IS Department


Developing Rich Web Apps With ASP.NET AJAX

Posted in Programming by Brian Russell on November 9, 2006

Developing Rich Web Applications with ASP.NET AJAX by Mir Tariq and another person.

First of all, this talked sucked.  I took notes, but they mostly covered a lot of the same things that Scott Guthrie did in the keynote.  That made most of this session a waste of time.

The UpdatePanel allows partial re-rendering of a page.  It works by doing the following actions:

  1. Intercepts the postback.
  2. Replaces the postback with a XMLHTTPRequest (normal AJAX style of talking with the server).
  3. Raises the postback on the server.
  4. The postback on the server runs through the pre-render phase.
  5. The server does a special render of only the controls in the update panel and spits that out to the requester (the update panel).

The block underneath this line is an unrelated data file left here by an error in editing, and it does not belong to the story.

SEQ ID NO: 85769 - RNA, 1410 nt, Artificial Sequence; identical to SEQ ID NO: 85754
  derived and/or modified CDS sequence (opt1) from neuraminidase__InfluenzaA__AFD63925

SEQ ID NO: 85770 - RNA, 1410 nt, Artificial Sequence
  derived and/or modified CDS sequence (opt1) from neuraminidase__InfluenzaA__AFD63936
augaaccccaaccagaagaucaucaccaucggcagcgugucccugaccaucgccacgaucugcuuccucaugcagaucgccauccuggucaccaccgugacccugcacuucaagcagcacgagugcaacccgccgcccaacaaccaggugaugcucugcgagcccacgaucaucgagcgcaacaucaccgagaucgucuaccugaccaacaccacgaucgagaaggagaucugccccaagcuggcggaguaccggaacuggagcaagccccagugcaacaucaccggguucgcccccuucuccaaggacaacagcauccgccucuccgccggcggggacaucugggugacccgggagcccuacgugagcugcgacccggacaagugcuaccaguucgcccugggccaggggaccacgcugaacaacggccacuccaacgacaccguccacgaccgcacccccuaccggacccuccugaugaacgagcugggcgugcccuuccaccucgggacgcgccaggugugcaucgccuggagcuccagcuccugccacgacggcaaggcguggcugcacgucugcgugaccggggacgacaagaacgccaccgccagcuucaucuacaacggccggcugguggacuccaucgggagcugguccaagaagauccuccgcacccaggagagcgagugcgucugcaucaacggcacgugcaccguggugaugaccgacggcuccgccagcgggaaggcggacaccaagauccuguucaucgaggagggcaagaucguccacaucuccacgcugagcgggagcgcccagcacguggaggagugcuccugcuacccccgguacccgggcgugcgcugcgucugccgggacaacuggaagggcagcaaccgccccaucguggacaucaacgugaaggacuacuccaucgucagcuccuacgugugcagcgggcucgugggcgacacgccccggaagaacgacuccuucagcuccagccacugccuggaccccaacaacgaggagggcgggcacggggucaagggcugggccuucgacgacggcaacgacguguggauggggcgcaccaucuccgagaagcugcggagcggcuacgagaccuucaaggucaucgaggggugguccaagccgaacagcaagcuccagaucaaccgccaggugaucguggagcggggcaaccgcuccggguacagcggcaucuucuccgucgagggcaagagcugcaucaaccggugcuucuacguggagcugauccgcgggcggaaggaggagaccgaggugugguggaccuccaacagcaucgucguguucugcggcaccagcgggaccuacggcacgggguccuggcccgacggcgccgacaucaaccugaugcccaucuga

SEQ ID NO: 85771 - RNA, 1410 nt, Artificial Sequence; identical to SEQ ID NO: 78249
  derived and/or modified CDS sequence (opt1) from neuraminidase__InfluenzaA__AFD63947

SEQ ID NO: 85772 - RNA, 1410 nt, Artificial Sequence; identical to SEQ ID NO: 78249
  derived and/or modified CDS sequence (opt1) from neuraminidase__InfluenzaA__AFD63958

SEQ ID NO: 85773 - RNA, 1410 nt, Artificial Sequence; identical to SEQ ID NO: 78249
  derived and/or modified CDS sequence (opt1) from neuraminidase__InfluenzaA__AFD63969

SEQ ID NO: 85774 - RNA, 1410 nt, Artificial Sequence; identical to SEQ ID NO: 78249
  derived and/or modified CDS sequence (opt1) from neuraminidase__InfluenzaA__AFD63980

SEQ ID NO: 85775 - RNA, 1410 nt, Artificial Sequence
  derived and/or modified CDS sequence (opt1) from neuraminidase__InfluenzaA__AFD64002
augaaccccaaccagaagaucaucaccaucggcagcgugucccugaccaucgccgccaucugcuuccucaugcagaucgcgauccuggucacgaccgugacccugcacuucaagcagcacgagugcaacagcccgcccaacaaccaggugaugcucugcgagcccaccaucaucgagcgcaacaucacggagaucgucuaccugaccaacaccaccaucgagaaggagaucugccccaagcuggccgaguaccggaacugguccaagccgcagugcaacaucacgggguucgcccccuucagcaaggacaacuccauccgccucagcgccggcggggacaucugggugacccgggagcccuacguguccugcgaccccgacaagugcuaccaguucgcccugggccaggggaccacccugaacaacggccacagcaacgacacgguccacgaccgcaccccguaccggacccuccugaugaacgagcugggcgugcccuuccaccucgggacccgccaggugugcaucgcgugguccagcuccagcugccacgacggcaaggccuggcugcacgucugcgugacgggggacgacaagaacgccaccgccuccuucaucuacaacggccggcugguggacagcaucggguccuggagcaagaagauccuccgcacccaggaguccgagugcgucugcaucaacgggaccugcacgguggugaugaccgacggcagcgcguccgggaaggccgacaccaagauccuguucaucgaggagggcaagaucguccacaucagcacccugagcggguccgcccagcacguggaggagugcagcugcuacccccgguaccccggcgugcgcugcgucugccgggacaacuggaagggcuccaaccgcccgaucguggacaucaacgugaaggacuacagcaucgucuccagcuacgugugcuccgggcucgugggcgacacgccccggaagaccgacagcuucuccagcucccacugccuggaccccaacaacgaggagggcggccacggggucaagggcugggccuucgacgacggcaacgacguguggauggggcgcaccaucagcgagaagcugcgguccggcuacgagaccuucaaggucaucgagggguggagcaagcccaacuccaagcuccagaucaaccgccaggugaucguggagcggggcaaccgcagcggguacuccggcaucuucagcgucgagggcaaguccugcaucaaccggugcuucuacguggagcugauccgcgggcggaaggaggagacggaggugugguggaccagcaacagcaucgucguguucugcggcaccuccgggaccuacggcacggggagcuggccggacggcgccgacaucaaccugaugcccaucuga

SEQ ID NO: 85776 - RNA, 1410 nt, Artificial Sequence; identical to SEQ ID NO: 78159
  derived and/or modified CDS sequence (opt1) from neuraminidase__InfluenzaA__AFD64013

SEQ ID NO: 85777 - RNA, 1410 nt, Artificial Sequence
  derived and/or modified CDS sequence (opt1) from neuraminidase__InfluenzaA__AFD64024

6. The Document Object Model (DOM) on the web page is updated with the new content where appropriate (inside the UpdatePanel).

The UpdatePanel updates when controls inside the panel issue a postback, or other controls on the page outside of the UpdatePanel are marked as triggers for the UpdatePanel to update.

By default, all UpdatePanels on a page update at the same time.  If you want to only update one panel, you need to set the UpdateMode to conditional in order to use triggers.

You can call the UpdatePanel.Update method to force a refresh of the panel.  So when one panel is being updated, it may have done something on the backend that requires another panel to need refreshed.  At this point in your code behind, you just call the Update method of that panel to get it refreshed as well as the panel that was originally being updated.

Here is a term I have known for awhile, but thought I would present to you.  JSON (JavaScript Object Notation) is the standard way to transfer objects in JavaScript.  This isn’t a MS standard, it is a industry standard.  MS uses it to transfer objects with its AJAX library.

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